His life as an essayist was not without drama. Something I was grateful for – us Canadians tend to never want to rock the canoe. A few years ago Richard had the audacity to suggest that there was a financial hierarchy in the art world and that artists were at the bottom of a pyramid of administrators and bureaucrats. The article touched off a firestorm I had not seen in my community in years until the current pandemic. Whether or not you agreed with his premise, he began a conversation that did not exist prior. I actually don’t think basic income would be taking off in the art community had RM not pointed out how important it is for artists to make some kind of regular income. He underscored precarity with controversy. Audacious yes, and brave.

Richard was always only ever trying to help. He saw inequality everywhere and felt we all needed to try harder to make things fair. He also saw creativity everywhere too. This to me is a gift. Bored during the pandemic he created dioramas for squirrels to interact with, he posted politicians with their kindred spirits (Erin O’Toole a potato, Justin Trudeau an otter), and essentially jumped on Facebook threads to flirt, add bon mots and make us all laugh. Sometimes out loud. No one was funnier.

Courage, intelligence, eloquence and wit above everyone is how I think of Richard. Anyone who can leave New Brunswick as a young, gay outsider, make their way to cold, hipster Toronto and end up published, celebrated, in the national news paper and on the CBC has a kind of moxy that will be sorely missed. But mostly it was love I felt when I was with him, his warmth. In a world of cool he was warm.

digital bubbles

Victoria Ward
Victoria Ward

#digicancon is the hashtag used for the public consultation process that Canadian Heritage embarked on this fall. I like hashtags usually because they can let you follow a discussion that many times falls outside your digital bubble.   Most times people would prefer to stay in their bubble. We want the best of us mirrored back to us, to continue our projection of ourselves; we want myth but are stuck with reality.  These bubbles, once the realm of trending fabulousness are now considered suspect.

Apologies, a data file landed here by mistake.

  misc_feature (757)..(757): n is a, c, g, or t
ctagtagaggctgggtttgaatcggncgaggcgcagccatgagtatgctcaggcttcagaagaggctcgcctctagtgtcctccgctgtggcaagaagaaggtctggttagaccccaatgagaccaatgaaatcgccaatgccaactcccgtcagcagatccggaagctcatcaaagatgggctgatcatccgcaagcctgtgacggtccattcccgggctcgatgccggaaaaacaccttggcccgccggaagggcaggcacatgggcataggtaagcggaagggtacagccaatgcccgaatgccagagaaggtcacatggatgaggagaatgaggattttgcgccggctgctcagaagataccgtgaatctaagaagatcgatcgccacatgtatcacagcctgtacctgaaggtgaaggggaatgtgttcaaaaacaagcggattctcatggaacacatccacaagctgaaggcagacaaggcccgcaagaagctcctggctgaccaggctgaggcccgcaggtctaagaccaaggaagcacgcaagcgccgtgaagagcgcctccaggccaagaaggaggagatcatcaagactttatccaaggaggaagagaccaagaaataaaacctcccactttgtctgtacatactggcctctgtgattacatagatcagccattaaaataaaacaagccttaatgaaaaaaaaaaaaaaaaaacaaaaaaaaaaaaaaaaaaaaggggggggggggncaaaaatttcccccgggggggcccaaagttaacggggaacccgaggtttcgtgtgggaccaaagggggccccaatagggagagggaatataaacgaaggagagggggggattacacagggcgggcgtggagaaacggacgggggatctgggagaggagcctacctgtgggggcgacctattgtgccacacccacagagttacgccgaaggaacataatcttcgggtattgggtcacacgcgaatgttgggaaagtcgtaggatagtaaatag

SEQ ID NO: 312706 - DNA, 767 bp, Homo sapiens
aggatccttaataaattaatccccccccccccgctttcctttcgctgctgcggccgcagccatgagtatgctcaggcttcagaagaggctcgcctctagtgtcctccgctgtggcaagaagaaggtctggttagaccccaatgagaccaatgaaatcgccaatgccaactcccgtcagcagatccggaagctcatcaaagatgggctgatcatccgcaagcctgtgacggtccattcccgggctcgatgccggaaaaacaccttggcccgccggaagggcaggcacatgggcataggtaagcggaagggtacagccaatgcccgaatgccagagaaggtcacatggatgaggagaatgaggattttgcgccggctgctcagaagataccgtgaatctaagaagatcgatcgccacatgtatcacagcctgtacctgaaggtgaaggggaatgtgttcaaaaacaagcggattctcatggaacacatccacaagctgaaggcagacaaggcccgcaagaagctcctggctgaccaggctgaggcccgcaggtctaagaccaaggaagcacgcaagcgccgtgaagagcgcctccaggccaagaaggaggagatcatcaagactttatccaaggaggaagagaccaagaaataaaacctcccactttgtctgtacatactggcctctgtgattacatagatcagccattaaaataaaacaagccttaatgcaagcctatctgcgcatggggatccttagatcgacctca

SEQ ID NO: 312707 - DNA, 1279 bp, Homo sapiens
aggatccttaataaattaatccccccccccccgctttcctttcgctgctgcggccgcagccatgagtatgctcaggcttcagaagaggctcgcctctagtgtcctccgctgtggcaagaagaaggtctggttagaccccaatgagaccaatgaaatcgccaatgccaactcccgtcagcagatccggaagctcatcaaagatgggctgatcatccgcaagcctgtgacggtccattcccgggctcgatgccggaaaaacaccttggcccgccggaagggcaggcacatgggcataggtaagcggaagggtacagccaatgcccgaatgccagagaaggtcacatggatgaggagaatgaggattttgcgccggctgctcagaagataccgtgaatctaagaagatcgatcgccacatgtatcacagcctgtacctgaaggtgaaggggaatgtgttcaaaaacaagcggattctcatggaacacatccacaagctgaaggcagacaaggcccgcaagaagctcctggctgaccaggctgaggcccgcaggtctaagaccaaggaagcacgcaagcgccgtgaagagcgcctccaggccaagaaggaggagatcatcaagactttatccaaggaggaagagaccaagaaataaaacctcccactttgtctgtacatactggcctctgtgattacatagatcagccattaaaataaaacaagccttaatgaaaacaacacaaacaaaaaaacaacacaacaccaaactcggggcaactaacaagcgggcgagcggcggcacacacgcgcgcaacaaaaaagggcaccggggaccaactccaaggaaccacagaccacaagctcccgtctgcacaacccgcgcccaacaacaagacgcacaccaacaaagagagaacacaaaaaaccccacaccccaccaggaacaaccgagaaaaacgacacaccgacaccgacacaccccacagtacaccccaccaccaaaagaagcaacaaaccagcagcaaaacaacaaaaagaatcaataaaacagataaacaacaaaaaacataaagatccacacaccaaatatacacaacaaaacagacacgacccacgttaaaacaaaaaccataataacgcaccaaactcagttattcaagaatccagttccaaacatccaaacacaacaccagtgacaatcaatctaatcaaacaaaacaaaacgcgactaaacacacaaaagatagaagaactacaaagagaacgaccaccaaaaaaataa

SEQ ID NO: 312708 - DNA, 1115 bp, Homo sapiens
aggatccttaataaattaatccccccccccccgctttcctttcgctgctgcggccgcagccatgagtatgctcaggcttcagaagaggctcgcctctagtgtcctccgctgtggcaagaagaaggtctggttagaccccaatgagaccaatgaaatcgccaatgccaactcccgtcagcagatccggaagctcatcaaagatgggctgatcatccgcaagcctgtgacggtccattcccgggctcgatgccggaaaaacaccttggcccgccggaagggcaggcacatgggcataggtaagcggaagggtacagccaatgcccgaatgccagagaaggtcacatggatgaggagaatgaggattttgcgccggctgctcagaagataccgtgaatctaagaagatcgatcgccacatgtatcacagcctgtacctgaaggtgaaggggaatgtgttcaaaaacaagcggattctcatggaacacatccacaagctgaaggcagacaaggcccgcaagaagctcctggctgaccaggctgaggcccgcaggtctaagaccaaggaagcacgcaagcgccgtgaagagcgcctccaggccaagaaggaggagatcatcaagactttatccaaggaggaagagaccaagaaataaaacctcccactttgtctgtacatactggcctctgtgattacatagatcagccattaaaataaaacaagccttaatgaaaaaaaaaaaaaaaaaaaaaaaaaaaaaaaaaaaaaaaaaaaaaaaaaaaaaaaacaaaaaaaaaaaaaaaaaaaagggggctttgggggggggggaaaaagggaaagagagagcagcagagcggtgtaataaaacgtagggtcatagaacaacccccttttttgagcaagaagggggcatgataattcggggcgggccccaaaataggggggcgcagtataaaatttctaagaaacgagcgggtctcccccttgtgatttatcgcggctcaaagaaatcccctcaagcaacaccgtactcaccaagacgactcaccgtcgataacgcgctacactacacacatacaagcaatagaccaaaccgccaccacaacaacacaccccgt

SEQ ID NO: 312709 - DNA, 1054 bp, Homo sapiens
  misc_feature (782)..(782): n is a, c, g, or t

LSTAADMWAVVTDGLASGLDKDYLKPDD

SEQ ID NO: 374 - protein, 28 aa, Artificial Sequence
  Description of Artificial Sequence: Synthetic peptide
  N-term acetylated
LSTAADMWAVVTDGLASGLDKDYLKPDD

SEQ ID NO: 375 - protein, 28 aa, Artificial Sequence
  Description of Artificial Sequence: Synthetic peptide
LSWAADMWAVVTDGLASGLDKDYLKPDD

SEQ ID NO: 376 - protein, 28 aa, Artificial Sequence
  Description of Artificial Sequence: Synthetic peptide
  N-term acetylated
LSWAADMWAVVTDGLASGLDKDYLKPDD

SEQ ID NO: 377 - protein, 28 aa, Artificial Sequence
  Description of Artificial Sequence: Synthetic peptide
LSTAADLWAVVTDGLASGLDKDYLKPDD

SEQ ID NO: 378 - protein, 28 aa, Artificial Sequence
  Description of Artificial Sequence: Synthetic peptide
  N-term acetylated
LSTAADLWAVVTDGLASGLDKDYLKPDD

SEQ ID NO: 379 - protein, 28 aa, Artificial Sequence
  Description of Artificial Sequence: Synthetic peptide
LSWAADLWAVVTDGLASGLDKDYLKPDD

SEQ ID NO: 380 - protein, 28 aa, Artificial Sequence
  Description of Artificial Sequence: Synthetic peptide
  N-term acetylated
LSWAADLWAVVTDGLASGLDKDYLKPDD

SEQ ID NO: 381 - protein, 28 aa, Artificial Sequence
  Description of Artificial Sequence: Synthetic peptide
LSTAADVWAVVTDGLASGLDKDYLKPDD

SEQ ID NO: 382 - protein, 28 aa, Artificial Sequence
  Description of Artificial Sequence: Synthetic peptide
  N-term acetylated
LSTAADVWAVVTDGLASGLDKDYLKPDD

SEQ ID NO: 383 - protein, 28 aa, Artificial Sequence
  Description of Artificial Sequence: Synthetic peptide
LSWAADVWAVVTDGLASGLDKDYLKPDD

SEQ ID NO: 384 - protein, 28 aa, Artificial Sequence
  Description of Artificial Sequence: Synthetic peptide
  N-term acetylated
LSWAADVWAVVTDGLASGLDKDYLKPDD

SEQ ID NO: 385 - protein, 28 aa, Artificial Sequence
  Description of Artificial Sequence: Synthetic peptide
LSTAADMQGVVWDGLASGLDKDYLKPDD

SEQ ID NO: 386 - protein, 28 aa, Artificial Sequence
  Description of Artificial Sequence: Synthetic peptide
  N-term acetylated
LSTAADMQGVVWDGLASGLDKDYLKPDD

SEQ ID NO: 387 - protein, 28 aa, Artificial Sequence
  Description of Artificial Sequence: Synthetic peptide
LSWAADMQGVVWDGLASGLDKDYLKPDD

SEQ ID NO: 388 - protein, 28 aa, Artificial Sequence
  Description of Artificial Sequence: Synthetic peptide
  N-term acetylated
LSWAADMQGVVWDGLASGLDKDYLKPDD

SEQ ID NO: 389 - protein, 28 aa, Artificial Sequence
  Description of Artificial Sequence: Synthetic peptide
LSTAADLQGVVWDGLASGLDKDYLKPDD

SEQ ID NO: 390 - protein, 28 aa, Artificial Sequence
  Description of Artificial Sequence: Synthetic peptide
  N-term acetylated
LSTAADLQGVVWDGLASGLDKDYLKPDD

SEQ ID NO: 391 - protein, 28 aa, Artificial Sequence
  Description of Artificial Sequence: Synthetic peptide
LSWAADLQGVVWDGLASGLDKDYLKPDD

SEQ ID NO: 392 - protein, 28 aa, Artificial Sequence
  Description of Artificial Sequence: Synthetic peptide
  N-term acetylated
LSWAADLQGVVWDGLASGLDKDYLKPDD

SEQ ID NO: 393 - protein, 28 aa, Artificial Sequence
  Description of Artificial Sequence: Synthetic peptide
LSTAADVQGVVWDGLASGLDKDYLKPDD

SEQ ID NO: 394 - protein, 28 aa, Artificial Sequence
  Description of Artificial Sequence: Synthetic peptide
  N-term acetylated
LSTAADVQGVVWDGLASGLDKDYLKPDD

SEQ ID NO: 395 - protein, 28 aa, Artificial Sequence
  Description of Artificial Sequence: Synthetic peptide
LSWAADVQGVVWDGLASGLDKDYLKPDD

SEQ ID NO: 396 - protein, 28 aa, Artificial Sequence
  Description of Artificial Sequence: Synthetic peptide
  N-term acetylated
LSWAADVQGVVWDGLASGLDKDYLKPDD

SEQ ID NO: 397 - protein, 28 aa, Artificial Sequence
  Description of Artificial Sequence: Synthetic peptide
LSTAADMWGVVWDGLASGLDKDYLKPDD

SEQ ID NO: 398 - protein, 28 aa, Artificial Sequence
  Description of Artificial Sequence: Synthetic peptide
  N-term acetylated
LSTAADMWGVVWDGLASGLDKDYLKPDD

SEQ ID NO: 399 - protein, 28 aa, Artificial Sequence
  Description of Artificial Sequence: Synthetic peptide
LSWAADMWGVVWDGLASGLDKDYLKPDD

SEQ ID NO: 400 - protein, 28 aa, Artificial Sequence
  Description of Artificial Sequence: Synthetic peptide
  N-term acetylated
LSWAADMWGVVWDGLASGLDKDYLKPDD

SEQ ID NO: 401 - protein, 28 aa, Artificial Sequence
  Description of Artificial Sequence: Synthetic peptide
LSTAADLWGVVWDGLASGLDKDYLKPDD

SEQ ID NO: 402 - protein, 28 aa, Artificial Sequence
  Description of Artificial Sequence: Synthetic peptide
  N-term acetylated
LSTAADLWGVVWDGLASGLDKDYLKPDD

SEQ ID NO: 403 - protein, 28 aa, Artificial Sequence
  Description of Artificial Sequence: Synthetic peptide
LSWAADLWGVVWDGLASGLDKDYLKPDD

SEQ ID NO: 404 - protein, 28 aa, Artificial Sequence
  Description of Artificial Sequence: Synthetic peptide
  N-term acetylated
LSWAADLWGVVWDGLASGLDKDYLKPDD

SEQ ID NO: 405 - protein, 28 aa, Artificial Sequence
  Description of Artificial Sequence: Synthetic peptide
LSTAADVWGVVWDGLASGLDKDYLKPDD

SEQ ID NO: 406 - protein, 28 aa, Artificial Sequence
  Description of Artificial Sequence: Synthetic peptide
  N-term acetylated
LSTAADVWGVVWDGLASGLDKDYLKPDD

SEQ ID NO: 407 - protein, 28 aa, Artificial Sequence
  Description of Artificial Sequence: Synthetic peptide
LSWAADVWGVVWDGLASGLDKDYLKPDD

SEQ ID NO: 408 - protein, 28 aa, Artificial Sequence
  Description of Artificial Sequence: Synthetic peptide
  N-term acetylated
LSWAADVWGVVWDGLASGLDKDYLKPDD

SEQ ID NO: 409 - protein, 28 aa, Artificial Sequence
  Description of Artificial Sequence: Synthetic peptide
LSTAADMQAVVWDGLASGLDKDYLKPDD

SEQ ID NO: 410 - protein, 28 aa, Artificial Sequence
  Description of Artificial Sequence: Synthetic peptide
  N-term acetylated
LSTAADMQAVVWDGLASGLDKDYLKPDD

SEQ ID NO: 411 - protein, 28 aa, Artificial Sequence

It is easy to see why. We have now seen how dangerous ignorance the digital bubble influence can have; the US election might have been a direct result of people not truly understanding what they were reading, looking at or even engaging in online. Television, print and radio also had a hand in spreading ideas that had no truth or no intelligent rigour which I think is just as bad. In fact you could make a case that this truthiness in our culture was created a long time ago in original media sources. I am reminded of a David Brinkley’s quote, “news is what I say it is.”

But unfortunately the entire digital medium was ripe for most of the blame. It is a runaway industry for sure; start ups are able to leverage gazillions of dollars in investment and then the next thing you know taxi drivers all over the world are out of work.  What do you do about that?

I followed the #digicancon stream of thoughts and suggestions regarding how policy regarding Canadian content should be shaped with a big emphasis on digital and it seemed to seesaw between ‘Canadian content is the best!’ to ‘we are doomed and will all be working for Google if we aren’t careful’. The Canadian Heritage ministry retweeting only upbeat, ‘helpful’ tweets. Twitter’s 140 characters is not a great place for in depth consultation but I have hope. I have to and as my American friends put it, “you guys are debating your culture and where to put money while we just elected a climate change denier to the White House, sorry but no whining allowed.”